When I was home on maternity leave with the Pookie, I went out only a few times. He just didn't do so well out. He likes to nurse with my shirt pulled all the way up and without a cover, and he likes to nurse a lot. He poops, then poops again, and then poops some more, often leaking more than once on his clothes. It got to be such a hassle to stop everything to change his diaper AND clothes, plus I'd struggle to nurse him without flashing the world my whole breast. He mostly does fine in the car seat, and even falls asleep in it. But he does not do that well in the sling! He doesn't seem to slide in it right, and it won't calm him down if something else is the matter like he's hungry (it usually would for the Pumpkin). I love the sling and want to use it all the time still, but he does not want to curl in like the Pumpkin used to. He wants to face out and see the world. Luckily, now that his neck is strong enough, I put him facing out in my Moby Wrap, and then we do pretty well.

Emotionally, I have always liked to say that the Pumpkin feels her emotions to the fullest. She is usually (like 90% of the time) a pretty happy girl. And when she's happy, she's smiling and laughing, not just hanging out content. She LOVES to laugh and make other people laugh. It's a lot of fun to be around. But when she's upset, she is UPSET!!! I think this is part of why she was such a fussy baby. There was no simply unhappy or a little cranky. She felt unhappy deeply and made it be known. I also feel my emotions to the fullest, and I don't think it's a bad thing at all. Especially considering she's usually very happy.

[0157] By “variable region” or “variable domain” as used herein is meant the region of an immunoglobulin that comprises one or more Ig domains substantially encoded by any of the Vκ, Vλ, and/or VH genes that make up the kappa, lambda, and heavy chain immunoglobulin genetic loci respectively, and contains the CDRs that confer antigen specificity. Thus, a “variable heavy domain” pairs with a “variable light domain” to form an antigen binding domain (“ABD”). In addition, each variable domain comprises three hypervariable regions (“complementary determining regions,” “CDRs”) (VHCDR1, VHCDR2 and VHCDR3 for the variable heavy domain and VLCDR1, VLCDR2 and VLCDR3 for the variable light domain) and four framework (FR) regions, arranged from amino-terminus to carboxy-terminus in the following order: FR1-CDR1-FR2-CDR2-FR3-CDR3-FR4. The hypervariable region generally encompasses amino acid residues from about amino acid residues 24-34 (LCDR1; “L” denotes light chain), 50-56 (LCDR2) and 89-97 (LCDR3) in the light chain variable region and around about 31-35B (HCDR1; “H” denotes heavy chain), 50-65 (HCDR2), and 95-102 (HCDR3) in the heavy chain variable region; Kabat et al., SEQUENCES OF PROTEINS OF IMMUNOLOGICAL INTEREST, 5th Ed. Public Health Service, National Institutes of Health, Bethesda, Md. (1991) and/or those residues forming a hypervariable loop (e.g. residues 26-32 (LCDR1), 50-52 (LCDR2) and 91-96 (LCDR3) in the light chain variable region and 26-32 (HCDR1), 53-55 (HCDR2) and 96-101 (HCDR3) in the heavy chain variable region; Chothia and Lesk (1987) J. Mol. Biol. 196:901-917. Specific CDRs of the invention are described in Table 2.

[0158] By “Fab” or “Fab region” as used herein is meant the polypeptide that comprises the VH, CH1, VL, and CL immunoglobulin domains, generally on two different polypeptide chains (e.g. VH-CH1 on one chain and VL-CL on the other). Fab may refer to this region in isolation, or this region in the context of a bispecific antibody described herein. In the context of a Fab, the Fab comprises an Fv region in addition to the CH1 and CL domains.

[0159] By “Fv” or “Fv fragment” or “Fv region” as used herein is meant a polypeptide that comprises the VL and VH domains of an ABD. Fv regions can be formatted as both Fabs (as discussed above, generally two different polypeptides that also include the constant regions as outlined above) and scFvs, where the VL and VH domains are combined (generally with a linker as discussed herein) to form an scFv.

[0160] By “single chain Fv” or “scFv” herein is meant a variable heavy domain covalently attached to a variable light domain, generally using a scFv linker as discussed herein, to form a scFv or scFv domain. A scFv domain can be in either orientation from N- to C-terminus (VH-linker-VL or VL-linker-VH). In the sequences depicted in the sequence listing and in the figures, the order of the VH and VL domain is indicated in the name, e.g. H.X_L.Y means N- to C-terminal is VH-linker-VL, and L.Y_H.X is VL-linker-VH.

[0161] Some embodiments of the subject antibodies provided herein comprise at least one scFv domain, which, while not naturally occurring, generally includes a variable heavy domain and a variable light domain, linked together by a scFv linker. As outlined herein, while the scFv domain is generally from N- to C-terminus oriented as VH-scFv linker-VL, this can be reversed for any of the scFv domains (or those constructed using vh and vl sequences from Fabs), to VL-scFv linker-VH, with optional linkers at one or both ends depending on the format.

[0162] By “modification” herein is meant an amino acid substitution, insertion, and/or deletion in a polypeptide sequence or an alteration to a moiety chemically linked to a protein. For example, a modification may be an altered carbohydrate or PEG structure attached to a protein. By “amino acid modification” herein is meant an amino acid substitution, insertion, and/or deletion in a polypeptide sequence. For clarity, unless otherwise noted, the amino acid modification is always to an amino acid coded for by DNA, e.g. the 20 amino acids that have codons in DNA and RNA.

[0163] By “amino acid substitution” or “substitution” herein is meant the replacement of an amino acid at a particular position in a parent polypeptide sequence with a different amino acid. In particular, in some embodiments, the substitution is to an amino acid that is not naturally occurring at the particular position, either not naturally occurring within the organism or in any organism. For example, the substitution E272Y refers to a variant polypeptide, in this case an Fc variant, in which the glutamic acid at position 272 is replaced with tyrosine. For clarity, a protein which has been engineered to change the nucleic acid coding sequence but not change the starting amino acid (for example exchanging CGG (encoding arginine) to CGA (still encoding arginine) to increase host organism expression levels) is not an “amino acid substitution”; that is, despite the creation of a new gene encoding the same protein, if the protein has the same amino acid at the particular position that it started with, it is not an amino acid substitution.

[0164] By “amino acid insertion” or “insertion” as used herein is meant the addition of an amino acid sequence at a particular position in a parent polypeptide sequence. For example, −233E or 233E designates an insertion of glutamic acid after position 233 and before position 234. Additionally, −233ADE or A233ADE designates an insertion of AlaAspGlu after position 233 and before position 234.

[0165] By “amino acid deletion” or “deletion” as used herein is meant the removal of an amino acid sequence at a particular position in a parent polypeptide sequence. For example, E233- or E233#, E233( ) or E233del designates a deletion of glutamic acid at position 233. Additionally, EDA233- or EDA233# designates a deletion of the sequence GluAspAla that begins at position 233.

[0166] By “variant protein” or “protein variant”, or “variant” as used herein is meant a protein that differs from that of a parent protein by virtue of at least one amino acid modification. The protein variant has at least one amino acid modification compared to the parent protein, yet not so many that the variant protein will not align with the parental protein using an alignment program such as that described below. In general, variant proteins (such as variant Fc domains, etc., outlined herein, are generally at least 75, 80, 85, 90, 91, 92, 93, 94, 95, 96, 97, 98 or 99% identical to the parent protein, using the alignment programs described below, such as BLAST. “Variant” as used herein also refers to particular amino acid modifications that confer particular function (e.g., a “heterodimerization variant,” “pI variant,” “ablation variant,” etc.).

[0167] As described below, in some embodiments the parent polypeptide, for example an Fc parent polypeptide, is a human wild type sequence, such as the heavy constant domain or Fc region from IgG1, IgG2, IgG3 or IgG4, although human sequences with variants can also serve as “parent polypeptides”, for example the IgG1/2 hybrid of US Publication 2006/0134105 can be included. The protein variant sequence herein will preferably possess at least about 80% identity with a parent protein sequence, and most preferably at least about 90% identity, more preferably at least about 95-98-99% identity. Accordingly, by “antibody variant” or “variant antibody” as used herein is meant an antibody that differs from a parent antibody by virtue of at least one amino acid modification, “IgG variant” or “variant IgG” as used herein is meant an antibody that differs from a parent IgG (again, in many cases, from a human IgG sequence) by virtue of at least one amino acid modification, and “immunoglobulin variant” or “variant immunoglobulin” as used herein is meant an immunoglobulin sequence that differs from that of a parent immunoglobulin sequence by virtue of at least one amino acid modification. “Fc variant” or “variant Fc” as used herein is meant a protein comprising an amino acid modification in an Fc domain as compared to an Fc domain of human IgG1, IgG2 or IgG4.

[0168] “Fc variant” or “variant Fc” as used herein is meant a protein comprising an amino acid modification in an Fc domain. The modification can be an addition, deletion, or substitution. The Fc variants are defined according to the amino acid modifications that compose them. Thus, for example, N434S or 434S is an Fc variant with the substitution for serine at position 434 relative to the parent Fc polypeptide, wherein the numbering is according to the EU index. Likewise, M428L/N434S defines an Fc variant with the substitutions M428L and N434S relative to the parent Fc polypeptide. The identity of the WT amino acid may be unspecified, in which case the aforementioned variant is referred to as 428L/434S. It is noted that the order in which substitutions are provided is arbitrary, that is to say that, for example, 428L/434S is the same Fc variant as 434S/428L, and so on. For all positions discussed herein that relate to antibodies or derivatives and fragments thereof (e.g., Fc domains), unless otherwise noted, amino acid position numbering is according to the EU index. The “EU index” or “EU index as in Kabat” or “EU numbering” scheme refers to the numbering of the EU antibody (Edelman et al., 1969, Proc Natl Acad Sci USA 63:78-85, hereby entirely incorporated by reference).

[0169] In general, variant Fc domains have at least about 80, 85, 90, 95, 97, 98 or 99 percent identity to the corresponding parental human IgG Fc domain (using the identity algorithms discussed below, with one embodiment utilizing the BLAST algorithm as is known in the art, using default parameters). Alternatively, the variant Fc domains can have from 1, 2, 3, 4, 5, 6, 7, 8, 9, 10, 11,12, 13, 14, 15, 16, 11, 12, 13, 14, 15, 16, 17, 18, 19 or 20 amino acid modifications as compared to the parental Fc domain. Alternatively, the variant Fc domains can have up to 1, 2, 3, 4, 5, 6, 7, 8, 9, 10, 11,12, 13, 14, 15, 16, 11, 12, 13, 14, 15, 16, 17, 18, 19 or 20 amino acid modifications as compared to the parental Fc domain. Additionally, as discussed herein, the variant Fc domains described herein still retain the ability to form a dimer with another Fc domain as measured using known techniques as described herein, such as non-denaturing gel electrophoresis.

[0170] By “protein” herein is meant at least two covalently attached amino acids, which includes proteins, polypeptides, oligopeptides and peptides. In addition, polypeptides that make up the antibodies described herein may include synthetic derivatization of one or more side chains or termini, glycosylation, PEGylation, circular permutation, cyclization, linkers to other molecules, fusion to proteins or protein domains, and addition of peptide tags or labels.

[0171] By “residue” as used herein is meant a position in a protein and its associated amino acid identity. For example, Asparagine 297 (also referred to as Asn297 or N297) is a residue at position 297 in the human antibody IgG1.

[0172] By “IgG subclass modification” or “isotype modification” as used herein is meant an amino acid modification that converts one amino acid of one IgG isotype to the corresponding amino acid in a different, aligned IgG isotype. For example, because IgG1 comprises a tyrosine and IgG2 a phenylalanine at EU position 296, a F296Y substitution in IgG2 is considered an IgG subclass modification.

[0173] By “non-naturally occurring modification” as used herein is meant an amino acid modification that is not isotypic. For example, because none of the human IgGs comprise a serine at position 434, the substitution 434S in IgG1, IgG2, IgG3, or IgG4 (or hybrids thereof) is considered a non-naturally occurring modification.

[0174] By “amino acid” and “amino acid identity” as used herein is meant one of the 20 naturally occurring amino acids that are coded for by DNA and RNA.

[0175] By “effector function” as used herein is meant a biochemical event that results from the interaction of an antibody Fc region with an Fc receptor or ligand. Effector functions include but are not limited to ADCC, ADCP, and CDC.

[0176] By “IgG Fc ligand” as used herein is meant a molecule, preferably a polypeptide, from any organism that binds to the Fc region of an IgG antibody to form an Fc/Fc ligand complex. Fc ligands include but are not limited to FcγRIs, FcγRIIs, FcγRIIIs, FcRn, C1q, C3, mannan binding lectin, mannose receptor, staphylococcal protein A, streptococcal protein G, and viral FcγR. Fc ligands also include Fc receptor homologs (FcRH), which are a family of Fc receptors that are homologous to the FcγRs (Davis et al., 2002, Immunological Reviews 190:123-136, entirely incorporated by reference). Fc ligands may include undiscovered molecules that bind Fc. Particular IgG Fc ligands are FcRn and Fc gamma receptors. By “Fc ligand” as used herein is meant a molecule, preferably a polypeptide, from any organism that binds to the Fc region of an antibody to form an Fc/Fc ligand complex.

The Pookie is often smiling and laughing and cooing. He seems to be a congenial little guy. But he does get grumpy and fussy. When he does, it's more of a low-grade, constant whining/fussing. The Pumpkin would go straight to CODE RED MELTDOWN! The Pookie is much more eeehhhhh eh ehhhh waaaah wahhhh and works his way up to really crying. It's easier to let him fuss a little than it was for the Pumpkin. This is helpful right now, since it's easier to tend to the 2.5 year old needs with a little fussing in the background than have to juggle two tantrums at once.

The Pumpkin is definitely a spirited child, which is actually a pretty wonderful thing. Time will tell how the Pookie's personality will continue to develop, but my guess is generally easy going.

Both of them constantly amazing me and fill me with warm fuzzies. My love continues to expand with every passing day, and even during the rough nights.

*I hate using those terms, because I don't think "easy" is necessarily better than fussy/high needs. Seems odd to say, but I really don't. I think there are a lot of amazing qaulilties that go along with the fussy/high needs baby that can't be separated. I also think that having a fussy/high needs baby gave us a lot of perspective on parenting and children that parents who haven't had a fussy/high needs baby of their own do not fully get. Anyway, I use these terms because they are widely used and understood, but I personally don't apply value judgements to them.

Comments

HeatherY said…
It sounds like they have very complimentary personalities which most certainly will serve you well. I'm so glad Pookie is a great sleeper. Heaven knows you're still catching up from the Pumpkin ;-)